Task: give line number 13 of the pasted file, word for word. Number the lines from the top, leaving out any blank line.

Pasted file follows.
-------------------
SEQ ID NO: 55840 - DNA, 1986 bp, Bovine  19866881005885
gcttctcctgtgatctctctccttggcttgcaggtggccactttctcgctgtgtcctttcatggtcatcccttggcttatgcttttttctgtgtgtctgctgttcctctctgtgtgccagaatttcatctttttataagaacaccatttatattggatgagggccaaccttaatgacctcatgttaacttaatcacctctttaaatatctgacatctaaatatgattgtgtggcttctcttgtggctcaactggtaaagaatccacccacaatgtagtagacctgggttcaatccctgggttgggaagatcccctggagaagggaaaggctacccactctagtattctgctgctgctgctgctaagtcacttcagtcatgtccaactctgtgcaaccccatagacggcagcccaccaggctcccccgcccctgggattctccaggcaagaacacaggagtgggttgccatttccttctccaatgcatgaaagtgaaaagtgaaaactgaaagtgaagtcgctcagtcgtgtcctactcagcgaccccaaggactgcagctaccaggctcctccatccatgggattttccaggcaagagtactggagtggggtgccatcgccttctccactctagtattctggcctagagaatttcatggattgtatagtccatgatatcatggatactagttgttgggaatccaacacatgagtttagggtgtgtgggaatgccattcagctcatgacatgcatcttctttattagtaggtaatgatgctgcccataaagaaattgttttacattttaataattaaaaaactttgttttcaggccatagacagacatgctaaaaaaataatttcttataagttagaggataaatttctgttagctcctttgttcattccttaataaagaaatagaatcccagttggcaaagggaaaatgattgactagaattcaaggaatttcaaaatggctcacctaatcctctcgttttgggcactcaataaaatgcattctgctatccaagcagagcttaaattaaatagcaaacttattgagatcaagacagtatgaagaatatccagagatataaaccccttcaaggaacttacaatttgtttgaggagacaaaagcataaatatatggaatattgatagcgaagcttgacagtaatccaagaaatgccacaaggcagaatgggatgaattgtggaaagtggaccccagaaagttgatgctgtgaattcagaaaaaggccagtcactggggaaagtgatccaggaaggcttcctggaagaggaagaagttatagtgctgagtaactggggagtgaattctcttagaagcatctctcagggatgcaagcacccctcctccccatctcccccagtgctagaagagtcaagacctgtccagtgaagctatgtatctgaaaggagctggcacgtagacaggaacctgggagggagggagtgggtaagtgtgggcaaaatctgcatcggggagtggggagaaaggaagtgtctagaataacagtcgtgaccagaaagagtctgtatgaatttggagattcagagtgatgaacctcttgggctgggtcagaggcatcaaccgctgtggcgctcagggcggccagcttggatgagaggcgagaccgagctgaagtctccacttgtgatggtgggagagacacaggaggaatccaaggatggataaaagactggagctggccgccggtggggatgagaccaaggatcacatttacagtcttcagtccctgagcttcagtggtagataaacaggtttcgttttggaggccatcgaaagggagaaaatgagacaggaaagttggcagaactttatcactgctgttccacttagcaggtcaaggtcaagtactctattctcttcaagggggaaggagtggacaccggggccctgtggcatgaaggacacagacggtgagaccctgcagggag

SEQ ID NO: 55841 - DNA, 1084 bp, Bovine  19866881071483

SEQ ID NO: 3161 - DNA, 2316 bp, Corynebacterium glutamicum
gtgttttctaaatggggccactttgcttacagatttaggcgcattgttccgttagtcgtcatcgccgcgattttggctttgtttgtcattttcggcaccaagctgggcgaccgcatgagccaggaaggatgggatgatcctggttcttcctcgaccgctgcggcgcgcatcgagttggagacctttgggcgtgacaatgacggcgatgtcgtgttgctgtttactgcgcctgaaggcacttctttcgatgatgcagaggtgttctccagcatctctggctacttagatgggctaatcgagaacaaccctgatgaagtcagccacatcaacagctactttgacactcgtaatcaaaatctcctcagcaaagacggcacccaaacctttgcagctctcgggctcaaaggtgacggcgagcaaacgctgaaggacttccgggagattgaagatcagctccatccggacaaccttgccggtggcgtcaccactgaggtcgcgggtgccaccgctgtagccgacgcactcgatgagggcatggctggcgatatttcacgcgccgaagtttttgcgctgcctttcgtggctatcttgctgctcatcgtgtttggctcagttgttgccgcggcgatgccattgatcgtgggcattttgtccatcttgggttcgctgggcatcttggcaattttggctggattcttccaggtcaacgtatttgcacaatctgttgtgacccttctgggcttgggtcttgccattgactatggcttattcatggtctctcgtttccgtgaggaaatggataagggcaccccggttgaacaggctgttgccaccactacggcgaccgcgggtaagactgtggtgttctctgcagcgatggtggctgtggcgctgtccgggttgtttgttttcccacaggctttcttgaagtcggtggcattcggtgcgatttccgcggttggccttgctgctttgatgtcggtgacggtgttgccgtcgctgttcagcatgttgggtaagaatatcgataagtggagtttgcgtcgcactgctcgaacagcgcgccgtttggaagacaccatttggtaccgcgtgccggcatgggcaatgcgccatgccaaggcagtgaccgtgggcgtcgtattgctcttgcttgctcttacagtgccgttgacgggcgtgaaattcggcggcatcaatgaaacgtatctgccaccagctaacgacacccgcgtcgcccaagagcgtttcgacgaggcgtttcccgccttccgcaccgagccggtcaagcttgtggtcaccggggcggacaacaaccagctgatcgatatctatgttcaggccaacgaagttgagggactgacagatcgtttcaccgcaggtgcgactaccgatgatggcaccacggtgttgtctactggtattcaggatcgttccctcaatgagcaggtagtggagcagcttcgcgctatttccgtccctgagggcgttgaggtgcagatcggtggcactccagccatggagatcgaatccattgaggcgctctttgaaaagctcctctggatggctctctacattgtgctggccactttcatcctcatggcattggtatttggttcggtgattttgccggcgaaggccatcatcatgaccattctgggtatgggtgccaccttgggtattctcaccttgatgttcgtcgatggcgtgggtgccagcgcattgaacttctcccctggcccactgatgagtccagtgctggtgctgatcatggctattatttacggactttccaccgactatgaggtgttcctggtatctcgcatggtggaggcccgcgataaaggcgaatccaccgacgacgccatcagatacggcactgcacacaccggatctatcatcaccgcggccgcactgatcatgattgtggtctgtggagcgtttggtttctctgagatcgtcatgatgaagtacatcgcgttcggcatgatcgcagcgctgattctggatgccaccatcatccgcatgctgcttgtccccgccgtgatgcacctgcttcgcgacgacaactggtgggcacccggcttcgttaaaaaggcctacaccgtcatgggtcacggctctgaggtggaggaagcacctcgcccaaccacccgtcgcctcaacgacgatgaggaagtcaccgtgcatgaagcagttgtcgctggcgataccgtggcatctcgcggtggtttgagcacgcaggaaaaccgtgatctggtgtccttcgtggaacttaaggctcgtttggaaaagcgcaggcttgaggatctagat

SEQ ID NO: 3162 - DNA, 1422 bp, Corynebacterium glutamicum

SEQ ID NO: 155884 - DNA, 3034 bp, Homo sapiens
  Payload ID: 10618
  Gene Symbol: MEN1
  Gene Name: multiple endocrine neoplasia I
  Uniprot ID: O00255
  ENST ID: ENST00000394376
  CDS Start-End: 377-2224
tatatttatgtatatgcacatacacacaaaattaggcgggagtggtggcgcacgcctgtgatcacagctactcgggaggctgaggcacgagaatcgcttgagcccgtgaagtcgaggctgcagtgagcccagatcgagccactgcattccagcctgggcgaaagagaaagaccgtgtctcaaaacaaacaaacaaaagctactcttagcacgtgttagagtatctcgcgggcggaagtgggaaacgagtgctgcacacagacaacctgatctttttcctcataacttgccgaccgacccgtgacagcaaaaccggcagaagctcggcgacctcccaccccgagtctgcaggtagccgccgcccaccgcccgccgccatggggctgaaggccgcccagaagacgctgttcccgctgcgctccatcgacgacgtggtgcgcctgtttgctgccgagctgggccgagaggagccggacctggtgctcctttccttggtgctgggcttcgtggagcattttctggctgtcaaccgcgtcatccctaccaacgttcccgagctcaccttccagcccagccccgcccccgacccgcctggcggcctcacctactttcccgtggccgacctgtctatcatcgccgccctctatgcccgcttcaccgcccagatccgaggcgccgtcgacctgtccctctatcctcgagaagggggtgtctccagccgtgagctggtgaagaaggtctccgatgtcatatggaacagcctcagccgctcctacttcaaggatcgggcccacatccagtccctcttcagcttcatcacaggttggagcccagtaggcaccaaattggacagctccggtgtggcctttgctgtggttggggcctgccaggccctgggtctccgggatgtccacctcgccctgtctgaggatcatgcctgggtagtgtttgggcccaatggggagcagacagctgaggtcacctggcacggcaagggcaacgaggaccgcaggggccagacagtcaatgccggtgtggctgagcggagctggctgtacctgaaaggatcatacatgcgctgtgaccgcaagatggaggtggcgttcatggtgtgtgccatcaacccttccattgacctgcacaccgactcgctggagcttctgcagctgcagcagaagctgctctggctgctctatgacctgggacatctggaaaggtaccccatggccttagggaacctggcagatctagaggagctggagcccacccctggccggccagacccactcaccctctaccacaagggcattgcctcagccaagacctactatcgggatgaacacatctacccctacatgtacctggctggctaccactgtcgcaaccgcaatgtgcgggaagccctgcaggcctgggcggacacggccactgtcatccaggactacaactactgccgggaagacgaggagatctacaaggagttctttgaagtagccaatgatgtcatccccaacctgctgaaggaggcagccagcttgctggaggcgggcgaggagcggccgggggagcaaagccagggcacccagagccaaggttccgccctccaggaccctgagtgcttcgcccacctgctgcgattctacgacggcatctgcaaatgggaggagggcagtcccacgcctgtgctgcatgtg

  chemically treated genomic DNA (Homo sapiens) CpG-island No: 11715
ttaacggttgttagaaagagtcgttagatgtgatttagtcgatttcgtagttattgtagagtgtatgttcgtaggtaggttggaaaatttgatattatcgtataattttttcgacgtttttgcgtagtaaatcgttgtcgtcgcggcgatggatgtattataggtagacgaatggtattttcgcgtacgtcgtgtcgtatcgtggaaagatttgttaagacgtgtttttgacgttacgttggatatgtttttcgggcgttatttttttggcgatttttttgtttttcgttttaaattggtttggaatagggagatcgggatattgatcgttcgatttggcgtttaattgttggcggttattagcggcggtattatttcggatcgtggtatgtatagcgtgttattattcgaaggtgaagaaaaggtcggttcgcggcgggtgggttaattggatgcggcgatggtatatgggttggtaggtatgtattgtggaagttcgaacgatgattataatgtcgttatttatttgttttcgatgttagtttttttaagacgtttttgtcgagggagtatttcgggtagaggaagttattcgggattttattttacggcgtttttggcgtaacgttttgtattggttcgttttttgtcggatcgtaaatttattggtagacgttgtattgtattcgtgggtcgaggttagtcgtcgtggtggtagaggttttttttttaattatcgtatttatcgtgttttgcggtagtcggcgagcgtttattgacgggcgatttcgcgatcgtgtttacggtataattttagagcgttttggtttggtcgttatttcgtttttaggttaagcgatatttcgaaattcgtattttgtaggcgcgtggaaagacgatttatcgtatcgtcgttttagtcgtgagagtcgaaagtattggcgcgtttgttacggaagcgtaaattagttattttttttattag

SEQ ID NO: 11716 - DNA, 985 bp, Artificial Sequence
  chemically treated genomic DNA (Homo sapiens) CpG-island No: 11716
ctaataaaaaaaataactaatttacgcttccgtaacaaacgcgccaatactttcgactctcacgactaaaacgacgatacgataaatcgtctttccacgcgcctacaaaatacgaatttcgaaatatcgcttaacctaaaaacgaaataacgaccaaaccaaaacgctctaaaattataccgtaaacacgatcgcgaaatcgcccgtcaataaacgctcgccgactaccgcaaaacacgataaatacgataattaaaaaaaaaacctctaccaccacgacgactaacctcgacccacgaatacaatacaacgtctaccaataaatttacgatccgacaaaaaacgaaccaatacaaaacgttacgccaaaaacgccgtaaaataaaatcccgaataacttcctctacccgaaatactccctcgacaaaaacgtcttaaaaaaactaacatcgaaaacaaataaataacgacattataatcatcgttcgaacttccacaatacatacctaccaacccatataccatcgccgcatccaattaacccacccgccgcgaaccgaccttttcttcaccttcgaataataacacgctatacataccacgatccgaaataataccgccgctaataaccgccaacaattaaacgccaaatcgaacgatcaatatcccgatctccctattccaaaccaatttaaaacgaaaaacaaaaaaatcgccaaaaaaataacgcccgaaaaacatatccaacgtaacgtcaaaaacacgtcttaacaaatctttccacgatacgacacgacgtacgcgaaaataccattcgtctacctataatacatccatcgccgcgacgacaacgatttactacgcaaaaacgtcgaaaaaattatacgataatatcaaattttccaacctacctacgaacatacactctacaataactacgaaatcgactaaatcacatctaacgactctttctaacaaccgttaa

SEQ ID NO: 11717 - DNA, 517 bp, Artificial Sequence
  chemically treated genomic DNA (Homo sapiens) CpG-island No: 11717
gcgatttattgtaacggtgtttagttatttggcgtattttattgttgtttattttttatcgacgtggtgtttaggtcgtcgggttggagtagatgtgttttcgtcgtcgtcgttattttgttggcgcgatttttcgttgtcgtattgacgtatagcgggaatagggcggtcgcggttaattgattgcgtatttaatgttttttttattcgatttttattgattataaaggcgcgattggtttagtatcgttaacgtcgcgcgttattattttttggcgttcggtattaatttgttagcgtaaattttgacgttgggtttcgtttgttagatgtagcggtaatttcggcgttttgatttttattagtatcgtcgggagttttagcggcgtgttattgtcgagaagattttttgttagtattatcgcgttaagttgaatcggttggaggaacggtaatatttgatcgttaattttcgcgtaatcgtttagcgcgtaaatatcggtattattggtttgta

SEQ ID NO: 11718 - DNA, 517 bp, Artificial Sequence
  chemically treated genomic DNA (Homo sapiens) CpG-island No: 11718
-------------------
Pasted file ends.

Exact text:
  CDS Start-End: 377-2224